I can imagine having a marketing “leg up” going to a venue and saying they should hire your band because your band is “covered” with the major services. If they are already covered, no problem; else, that would be a big plus … who wants to get sued?
It is on the venue to keep up with performance royalty stuff, just like radio stations, as stated. Now do they- I doubt it. But they are supposed to track live bands, jukeboxes, any source of music in their venue and pay the performing rights organizations which then pay the artists. In 40 years of performing music never have I had anyone ever suggest that it was somehow my responsibility to deal with royalties for performing covers.
And I’ve had a couple instances recording songs for clients where they either had a sample in their demo that wasn’t cleared, or once or twice used sounds from demos of a piece of software we (or they) hadn’t bought. We just re-create them, or something close enough to give the feel without infringing.
I appreciate the info sharing, FredProgGH. Like so many things, there’s the rule and there’s reality. It’s good to know that the precedence is that the venue is expected to deal with the royalty details.
And – back on topic – I’m going with using “store bought” samples (including free downloads) as the safe way to get sounds that are “close enough”.
In the real world, I suppose lawsuits are only undertaken when the offense is egregious enough to win in court. The Chicken Shack had been warned and fined and continued to bring in performers without securing a Performance License, so there’s it is.
Up till now my definition of being famous was “when somebody knows who you are, and you don’t know who that person is”. I’ll add to it “when somebody cares enough to sue you at your very best” (hopefully, Hallmark Cards won’t sue me for that … well of course they won’t, I’m not famous!).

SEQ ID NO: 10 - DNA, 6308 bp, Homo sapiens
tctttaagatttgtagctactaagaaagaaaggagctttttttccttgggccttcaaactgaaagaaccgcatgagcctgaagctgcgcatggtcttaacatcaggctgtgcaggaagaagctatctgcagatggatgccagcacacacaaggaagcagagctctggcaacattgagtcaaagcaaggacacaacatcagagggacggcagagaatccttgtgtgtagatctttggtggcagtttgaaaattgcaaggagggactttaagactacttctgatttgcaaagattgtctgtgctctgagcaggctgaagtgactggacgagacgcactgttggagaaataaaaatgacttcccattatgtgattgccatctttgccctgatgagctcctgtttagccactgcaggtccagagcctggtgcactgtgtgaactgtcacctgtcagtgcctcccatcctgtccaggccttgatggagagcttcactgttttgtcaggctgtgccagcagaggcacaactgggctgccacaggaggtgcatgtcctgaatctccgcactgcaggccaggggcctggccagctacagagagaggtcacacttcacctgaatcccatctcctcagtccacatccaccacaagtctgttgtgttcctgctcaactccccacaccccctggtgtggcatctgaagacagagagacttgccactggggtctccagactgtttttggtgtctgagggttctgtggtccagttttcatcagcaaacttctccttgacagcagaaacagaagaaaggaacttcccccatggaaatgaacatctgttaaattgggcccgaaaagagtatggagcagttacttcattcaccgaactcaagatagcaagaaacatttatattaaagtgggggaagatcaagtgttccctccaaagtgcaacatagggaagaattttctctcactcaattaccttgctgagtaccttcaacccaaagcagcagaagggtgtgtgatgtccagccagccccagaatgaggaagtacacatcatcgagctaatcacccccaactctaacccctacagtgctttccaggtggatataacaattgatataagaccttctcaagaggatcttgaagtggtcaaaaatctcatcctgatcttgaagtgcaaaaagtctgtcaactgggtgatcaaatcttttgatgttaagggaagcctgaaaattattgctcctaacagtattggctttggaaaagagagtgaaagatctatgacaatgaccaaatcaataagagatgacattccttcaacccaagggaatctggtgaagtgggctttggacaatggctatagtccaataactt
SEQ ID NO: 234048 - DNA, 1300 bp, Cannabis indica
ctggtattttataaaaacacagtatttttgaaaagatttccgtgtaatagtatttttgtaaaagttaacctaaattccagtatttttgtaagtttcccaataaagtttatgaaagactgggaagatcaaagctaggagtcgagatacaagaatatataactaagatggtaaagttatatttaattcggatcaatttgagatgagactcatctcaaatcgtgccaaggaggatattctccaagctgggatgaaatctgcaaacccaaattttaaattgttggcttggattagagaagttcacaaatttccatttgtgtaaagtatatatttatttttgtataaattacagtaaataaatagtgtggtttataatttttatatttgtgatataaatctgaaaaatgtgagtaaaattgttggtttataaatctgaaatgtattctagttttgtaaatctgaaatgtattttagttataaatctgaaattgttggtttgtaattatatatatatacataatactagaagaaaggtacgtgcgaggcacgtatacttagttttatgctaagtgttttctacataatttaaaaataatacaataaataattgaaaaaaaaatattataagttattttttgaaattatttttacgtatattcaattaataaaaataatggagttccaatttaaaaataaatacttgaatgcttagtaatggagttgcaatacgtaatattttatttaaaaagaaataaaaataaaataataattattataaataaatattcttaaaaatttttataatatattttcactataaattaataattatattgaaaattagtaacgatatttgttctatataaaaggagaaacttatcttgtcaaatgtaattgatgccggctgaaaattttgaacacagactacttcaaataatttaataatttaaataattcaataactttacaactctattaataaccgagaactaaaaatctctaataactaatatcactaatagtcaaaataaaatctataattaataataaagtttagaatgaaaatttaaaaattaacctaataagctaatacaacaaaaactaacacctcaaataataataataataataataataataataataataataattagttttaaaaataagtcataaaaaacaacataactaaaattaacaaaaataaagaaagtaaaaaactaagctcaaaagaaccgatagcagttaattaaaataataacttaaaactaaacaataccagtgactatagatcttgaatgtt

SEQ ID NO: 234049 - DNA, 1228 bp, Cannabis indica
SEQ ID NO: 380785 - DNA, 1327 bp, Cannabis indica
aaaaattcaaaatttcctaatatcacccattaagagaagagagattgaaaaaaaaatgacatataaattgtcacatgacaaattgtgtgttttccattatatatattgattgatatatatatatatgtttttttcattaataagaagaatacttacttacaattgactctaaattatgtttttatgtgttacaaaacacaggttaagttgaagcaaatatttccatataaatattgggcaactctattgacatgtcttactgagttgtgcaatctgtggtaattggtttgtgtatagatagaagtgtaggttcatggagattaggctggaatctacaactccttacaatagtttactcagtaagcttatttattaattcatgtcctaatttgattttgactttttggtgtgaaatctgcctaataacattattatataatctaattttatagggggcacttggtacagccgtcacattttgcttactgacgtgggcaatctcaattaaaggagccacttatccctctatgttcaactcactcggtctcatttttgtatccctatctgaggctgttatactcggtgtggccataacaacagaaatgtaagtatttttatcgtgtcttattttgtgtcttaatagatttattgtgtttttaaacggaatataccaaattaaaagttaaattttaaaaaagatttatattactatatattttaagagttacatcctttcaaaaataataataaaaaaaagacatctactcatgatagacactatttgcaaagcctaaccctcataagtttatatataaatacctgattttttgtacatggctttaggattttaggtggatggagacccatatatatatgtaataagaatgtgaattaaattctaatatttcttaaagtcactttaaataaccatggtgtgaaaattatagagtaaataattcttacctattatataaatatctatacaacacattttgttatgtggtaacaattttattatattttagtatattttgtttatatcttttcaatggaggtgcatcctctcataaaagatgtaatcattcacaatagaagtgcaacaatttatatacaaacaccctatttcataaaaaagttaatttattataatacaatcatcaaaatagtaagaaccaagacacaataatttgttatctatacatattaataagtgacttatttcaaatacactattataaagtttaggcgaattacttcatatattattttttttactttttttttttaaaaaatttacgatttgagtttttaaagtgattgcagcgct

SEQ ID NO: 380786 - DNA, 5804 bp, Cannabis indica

This kind of things also comes up when on occasion people want to do EPs or albums to karaoke tracks. They’ll ask “is this legal”, and we’ll say, well no, you probably can’t get a license to reproduce this even if you knew who to go to. BUT… since you’re probably only making 100 copies and of those you’ll give away 30, sell 6 and the rest will be in your garage for then next 10 years until you throw them out, chances are you’ll be fine. So do be perfectly frank, whos really going to care.’
Great topic that: using karaoke as a backing track. Agreed that using it in a recording is illegal but using it in a live performance may not be. For instance, as long as the monthly fee is paid, Karafun lets its entire library be downloaded (Offline Sync) so that it can be accessed “in the boondocks” (their term). It shouldn’t matter if you are singing to this backing track or if your instrument is singing to it. It shouldn’t matter whether you are seeing the words on a screen or not.